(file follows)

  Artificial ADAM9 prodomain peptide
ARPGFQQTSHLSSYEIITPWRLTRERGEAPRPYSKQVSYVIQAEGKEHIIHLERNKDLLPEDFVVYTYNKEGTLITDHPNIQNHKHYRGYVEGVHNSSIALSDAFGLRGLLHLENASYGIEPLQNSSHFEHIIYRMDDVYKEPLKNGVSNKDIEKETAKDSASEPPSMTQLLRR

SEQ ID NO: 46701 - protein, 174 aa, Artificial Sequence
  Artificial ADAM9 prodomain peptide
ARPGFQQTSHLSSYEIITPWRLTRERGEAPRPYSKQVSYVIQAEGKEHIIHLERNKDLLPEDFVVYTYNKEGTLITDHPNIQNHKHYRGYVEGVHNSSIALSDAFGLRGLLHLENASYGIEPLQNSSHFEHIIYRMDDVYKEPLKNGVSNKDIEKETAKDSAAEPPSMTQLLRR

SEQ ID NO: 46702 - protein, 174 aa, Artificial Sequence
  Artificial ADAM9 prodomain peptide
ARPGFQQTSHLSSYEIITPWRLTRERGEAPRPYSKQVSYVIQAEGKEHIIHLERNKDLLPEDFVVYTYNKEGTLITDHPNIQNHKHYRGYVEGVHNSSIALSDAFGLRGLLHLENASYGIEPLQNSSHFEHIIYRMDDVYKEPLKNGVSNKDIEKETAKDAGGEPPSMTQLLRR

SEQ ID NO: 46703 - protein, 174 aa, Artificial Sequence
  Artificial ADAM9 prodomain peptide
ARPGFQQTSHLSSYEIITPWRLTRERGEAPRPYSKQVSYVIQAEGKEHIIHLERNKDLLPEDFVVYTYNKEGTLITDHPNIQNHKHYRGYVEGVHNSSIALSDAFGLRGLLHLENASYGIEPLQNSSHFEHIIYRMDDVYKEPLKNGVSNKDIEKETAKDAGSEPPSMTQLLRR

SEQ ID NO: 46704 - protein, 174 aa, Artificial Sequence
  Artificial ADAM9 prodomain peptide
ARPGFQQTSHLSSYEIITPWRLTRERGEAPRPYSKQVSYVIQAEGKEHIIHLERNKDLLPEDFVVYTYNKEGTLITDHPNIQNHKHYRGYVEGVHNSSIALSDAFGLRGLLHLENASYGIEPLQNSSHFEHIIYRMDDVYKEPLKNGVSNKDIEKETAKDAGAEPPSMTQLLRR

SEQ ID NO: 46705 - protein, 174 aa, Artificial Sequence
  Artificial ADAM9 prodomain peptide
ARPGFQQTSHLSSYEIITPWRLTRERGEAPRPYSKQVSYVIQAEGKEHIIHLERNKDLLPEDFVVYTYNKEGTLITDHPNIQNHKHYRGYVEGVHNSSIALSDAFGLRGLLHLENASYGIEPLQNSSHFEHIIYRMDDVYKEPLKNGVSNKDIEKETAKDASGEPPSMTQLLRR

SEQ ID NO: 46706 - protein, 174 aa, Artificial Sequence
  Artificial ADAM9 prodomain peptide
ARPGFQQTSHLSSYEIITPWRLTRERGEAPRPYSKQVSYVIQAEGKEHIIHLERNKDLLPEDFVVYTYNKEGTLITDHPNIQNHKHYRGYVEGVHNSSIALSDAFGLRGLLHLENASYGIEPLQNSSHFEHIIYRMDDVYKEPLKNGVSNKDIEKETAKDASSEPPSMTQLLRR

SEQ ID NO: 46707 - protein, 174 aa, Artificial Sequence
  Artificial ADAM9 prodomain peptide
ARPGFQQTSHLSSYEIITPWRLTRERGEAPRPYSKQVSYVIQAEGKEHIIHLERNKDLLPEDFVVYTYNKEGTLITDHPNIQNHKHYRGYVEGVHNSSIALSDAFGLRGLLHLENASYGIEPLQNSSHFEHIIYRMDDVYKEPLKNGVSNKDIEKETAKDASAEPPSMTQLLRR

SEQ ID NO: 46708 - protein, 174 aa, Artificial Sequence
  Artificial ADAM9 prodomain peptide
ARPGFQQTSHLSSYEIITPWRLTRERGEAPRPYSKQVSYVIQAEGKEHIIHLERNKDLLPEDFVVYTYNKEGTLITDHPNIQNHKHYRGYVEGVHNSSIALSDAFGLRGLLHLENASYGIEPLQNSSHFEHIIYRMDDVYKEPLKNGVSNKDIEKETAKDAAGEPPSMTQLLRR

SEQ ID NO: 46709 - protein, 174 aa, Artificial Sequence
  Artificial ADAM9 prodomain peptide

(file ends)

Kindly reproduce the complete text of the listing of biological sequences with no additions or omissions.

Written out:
  Artificial ADAM9 prodomain peptide
ARPGFQQTSHLSSYEIITPWRLTRERGEAPRPYSKQVSYVIQAEGKEHIIHLERNKDLLPEDFVVYTYNKEGTLITDHPNIQNHKHYRGYVEGVHNSSIALSDAFGLRGLLHLENASYGIEPLQNSSHFEHIIYRMDDVYKEPLKNGVSNKDIEKETAKDSASEPPSMTQLLRR

SEQ ID NO: 46701 - protein, 174 aa, Artificial Sequence
  Artificial ADAM9 prodomain peptide
ARPGFQQTSHLSSYEIITPWRLTRERGEAPRPYSKQVSYVIQAEGKEHIIHLERNKDLLPEDFVVYTYNKEGTLITDHPNIQNHKHYRGYVEGVHNSSIALSDAFGLRGLLHLENASYGIEPLQNSSHFEHIIYRMDDVYKEPLKNGVSNKDIEKETAKDSAAEPPSMTQLLRR

SEQ ID NO: 46702 - protein, 174 aa, Artificial Sequence
  Artificial ADAM9 prodomain peptide
ARPGFQQTSHLSSYEIITPWRLTRERGEAPRPYSKQVSYVIQAEGKEHIIHLERNKDLLPEDFVVYTYNKEGTLITDHPNIQNHKHYRGYVEGVHNSSIALSDAFGLRGLLHLENASYGIEPLQNSSHFEHIIYRMDDVYKEPLKNGVSNKDIEKETAKDAGGEPPSMTQLLRR

SEQ ID NO: 46703 - protein, 174 aa, Artificial Sequence
  Artificial ADAM9 prodomain peptide
ARPGFQQTSHLSSYEIITPWRLTRERGEAPRPYSKQVSYVIQAEGKEHIIHLERNKDLLPEDFVVYTYNKEGTLITDHPNIQNHKHYRGYVEGVHNSSIALSDAFGLRGLLHLENASYGIEPLQNSSHFEHIIYRMDDVYKEPLKNGVSNKDIEKETAKDAGSEPPSMTQLLRR

SEQ ID NO: 46704 - protein, 174 aa, Artificial Sequence
  Artificial ADAM9 prodomain peptide
ARPGFQQTSHLSSYEIITPWRLTRERGEAPRPYSKQVSYVIQAEGKEHIIHLERNKDLLPEDFVVYTYNKEGTLITDHPNIQNHKHYRGYVEGVHNSSIALSDAFGLRGLLHLENASYGIEPLQNSSHFEHIIYRMDDVYKEPLKNGVSNKDIEKETAKDAGAEPPSMTQLLRR

SEQ ID NO: 46705 - protein, 174 aa, Artificial Sequence
  Artificial ADAM9 prodomain peptide
ARPGFQQTSHLSSYEIITPWRLTRERGEAPRPYSKQVSYVIQAEGKEHIIHLERNKDLLPEDFVVYTYNKEGTLITDHPNIQNHKHYRGYVEGVHNSSIALSDAFGLRGLLHLENASYGIEPLQNSSHFEHIIYRMDDVYKEPLKNGVSNKDIEKETAKDASGEPPSMTQLLRR

SEQ ID NO: 46706 - protein, 174 aa, Artificial Sequence
  Artificial ADAM9 prodomain peptide
ARPGFQQTSHLSSYEIITPWRLTRERGEAPRPYSKQVSYVIQAEGKEHIIHLERNKDLLPEDFVVYTYNKEGTLITDHPNIQNHKHYRGYVEGVHNSSIALSDAFGLRGLLHLENASYGIEPLQNSSHFEHIIYRMDDVYKEPLKNGVSNKDIEKETAKDASSEPPSMTQLLRR

SEQ ID NO: 46707 - protein, 174 aa, Artificial Sequence
  Artificial ADAM9 prodomain peptide
ARPGFQQTSHLSSYEIITPWRLTRERGEAPRPYSKQVSYVIQAEGKEHIIHLERNKDLLPEDFVVYTYNKEGTLITDHPNIQNHKHYRGYVEGVHNSSIALSDAFGLRGLLHLENASYGIEPLQNSSHFEHIIYRMDDVYKEPLKNGVSNKDIEKETAKDASAEPPSMTQLLRR

SEQ ID NO: 46708 - protein, 174 aa, Artificial Sequence
  Artificial ADAM9 prodomain peptide
ARPGFQQTSHLSSYEIITPWRLTRERGEAPRPYSKQVSYVIQAEGKEHIIHLERNKDLLPEDFVVYTYNKEGTLITDHPNIQNHKHYRGYVEGVHNSSIALSDAFGLRGLLHLENASYGIEPLQNSSHFEHIIYRMDDVYKEPLKNGVSNKDIEKETAKDAAGEPPSMTQLLRR

SEQ ID NO: 46709 - protein, 174 aa, Artificial Sequence
  Artificial ADAM9 prodomain peptide